THX1138 at dakotacom.net
Tue Aug 15 11:43:57 CDT 2006
Barry Watzman wrote:
>>> But doesn't JPEG use lossy compression?
>> Yes. You can adjust the "quality factor" but I think this
>> would be A Bad Choice. Especially given my original comment
>> that the documents are D-size reduced to B-size before printing
>> (i.e., the text/lines are VERY fine and apt to disappear
>> in the DCT application within the JPEG encoder.)"
> Yes, it's lossy compression, but if you use a high-quality setting (which
> was my point of 5K to 10K file size per square inch for color, or about 1/3
> that for monochrome), you will never notice ANY difference. The size of the
> document is irrelevant, since as I said, "5K to 10K ***PER SQUARE INCH***".
The size of the *original* document is important as it has been
scaled down to print on a page 1/4 it's original size. I.e.
you start to approach the resolution of the marking engine
(e.g., 1 pixel wide lines) which, mathematically, looks like
a very high frequency component.
> Larger documents produce larger files, but the quality loss for larger
> documents is no greater than for smaller documents ... which is to say,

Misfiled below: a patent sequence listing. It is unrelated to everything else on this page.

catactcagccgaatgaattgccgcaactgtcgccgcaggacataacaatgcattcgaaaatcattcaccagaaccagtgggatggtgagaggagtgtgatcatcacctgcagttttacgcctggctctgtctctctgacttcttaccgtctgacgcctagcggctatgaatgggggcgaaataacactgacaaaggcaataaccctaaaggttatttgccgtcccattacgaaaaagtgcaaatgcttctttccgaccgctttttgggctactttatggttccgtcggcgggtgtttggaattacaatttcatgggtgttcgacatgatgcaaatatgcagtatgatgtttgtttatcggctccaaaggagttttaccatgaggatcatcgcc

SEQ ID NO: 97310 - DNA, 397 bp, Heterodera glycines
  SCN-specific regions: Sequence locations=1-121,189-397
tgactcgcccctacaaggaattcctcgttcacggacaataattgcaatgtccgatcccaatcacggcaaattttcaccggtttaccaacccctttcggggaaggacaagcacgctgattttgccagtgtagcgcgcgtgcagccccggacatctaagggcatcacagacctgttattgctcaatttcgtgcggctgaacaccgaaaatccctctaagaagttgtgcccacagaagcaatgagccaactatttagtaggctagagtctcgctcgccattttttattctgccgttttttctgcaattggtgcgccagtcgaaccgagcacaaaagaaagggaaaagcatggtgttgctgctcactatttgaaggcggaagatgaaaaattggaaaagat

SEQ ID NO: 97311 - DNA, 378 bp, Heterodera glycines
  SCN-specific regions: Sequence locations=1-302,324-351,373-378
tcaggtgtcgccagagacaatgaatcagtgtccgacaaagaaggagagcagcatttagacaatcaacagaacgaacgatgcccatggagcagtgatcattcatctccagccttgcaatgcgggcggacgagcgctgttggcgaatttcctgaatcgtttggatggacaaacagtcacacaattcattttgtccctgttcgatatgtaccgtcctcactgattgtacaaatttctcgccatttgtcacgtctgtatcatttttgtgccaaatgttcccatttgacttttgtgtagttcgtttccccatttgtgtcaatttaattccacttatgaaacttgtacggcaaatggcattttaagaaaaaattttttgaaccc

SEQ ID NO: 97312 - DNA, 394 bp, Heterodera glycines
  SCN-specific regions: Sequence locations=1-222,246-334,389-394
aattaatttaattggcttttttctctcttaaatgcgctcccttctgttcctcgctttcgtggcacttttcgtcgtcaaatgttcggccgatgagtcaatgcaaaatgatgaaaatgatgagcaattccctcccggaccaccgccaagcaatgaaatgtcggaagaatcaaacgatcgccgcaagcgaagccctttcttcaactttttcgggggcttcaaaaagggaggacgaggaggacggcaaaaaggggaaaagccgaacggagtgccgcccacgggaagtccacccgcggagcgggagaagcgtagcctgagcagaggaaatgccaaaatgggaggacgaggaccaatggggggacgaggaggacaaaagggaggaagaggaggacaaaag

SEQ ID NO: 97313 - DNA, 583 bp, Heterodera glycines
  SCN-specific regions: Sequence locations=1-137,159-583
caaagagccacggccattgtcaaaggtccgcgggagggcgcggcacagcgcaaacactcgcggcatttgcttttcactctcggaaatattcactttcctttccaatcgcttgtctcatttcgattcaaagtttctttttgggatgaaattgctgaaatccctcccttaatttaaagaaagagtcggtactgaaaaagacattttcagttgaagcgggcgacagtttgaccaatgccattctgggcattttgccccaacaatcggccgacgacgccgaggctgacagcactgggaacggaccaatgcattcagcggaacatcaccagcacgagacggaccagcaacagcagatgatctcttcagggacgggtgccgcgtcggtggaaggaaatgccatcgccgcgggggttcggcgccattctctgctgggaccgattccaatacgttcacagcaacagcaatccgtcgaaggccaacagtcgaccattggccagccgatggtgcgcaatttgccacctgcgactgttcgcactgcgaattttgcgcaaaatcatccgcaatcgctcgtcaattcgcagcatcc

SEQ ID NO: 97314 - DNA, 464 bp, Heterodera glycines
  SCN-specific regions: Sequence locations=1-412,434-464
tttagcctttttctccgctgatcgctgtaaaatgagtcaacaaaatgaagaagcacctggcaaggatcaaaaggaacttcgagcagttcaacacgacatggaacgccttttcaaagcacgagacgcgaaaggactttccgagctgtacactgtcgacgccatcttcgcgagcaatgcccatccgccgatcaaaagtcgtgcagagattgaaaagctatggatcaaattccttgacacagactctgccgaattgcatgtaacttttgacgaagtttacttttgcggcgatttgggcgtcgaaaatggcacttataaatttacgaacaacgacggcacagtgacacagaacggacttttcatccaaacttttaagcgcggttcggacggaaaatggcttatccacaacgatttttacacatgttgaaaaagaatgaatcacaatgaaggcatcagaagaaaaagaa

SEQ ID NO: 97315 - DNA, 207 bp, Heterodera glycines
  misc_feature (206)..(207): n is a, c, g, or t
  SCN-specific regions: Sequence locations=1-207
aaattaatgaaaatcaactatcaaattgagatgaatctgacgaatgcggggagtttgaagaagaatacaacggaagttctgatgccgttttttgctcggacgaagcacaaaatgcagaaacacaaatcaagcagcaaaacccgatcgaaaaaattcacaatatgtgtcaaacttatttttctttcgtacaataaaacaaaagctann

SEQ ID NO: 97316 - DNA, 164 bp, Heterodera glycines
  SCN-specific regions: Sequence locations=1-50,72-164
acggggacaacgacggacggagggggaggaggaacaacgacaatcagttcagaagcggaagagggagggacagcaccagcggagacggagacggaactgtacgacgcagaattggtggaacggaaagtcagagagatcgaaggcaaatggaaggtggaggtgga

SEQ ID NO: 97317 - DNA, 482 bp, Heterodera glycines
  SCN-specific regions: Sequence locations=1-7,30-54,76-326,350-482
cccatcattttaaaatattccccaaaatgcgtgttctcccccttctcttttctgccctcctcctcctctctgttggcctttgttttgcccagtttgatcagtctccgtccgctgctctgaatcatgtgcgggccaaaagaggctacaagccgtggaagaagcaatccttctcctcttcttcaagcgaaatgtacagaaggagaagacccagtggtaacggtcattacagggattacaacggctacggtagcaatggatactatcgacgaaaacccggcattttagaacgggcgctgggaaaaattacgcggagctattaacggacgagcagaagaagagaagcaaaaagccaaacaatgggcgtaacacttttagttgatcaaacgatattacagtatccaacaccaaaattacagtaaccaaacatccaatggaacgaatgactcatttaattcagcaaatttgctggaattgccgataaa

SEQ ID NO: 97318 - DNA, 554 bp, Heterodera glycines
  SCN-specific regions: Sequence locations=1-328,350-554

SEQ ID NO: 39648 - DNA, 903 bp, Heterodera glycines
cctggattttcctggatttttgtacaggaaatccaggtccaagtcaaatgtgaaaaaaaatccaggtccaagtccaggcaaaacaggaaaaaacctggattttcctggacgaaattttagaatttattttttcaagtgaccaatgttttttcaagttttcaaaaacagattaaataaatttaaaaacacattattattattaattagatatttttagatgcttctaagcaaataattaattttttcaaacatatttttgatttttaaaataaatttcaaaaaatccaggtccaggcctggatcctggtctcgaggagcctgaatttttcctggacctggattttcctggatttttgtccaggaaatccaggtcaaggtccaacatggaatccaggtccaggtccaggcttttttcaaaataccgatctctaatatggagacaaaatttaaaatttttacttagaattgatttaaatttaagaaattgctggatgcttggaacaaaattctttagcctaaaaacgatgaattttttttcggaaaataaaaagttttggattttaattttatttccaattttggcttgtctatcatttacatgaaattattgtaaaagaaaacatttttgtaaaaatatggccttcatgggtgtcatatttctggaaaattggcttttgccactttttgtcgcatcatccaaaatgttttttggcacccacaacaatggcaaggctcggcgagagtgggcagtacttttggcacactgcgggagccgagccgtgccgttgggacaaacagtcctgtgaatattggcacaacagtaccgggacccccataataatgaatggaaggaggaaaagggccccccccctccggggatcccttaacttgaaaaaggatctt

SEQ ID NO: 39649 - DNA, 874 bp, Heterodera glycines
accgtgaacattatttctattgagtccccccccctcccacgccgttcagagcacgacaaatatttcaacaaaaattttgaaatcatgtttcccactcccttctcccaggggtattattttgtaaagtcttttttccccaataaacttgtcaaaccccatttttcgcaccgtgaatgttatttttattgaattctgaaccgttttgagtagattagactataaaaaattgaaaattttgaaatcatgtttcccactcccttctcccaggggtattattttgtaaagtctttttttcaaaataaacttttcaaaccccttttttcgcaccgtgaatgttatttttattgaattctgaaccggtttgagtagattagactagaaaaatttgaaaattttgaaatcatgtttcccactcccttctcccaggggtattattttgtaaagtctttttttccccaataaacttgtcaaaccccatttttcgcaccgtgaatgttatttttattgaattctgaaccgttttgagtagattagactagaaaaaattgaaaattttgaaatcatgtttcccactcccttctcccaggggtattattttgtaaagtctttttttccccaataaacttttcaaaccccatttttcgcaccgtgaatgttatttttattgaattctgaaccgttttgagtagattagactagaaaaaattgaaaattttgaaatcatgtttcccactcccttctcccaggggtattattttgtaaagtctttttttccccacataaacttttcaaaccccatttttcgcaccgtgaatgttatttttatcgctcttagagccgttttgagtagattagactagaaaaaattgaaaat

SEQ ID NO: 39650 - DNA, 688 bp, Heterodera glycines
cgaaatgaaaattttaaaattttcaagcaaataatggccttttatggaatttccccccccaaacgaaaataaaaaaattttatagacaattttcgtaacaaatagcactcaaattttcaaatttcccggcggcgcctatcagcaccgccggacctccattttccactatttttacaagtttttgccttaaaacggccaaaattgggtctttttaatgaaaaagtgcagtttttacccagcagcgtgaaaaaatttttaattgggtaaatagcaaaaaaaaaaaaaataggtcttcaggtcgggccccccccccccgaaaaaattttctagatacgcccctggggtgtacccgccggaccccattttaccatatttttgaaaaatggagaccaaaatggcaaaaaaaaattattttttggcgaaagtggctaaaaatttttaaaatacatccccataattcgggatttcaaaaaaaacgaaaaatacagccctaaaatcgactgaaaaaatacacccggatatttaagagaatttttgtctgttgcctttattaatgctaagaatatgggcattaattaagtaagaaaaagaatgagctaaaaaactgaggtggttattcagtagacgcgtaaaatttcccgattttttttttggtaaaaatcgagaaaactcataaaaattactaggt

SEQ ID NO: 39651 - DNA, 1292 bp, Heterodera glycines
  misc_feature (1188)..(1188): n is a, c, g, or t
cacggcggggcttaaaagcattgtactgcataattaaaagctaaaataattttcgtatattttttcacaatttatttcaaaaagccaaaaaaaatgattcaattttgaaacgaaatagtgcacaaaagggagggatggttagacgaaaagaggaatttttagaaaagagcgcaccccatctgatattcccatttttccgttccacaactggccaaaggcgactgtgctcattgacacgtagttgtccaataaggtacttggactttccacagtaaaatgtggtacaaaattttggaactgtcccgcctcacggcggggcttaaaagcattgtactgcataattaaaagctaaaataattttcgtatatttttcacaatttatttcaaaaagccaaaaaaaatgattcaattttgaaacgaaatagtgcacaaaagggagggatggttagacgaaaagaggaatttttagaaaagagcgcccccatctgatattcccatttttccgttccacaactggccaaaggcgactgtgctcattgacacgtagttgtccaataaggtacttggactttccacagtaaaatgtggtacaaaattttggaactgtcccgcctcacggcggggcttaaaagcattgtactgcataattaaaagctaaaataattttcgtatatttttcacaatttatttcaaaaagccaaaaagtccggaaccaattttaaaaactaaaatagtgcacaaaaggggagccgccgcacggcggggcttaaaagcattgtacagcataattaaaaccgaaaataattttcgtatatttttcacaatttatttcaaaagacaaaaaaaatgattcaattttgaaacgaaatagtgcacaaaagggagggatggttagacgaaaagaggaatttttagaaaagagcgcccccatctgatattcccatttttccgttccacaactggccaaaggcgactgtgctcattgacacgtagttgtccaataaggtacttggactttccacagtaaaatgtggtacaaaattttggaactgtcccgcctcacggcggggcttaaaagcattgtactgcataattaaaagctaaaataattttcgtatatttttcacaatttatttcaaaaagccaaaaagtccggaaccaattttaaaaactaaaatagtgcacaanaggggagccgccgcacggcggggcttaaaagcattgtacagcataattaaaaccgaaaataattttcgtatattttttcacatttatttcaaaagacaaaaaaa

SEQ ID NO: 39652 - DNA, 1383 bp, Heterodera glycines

> imperceptible. TRY IT, and compare the results. I suggest that you will
> not notice ANY difference between JPEG and TIFF, no matter what you do, no
> matter how you examine them. I have scanned nearly 40,000 pages now, plus
> almost 10,000 color photographs, since 2001. There is no good reason to use
> TIFF instead of JPEG, as long as you don't try to achieve excessive
> compression levels with JPEG (and at 5K to 10K per square inch for color,
> you won't be doing that -- that equates to 500K to 1 megabyte for an 8.5" x
> 11" color page). In fact, I often find that I can go down to less than 100k
> bytes per page (that's down towards and below 1K per square inch), but this
> is too much compression for some documents.
I'll play with it "as an exercise". I suspect I will find
fuzzy signal lines (i.e. as if they were anti-aliased) :-(
Let me dig up some suitable drawings (any B-sized photocopies
will have too much "toner spread" to test the fine line issue)
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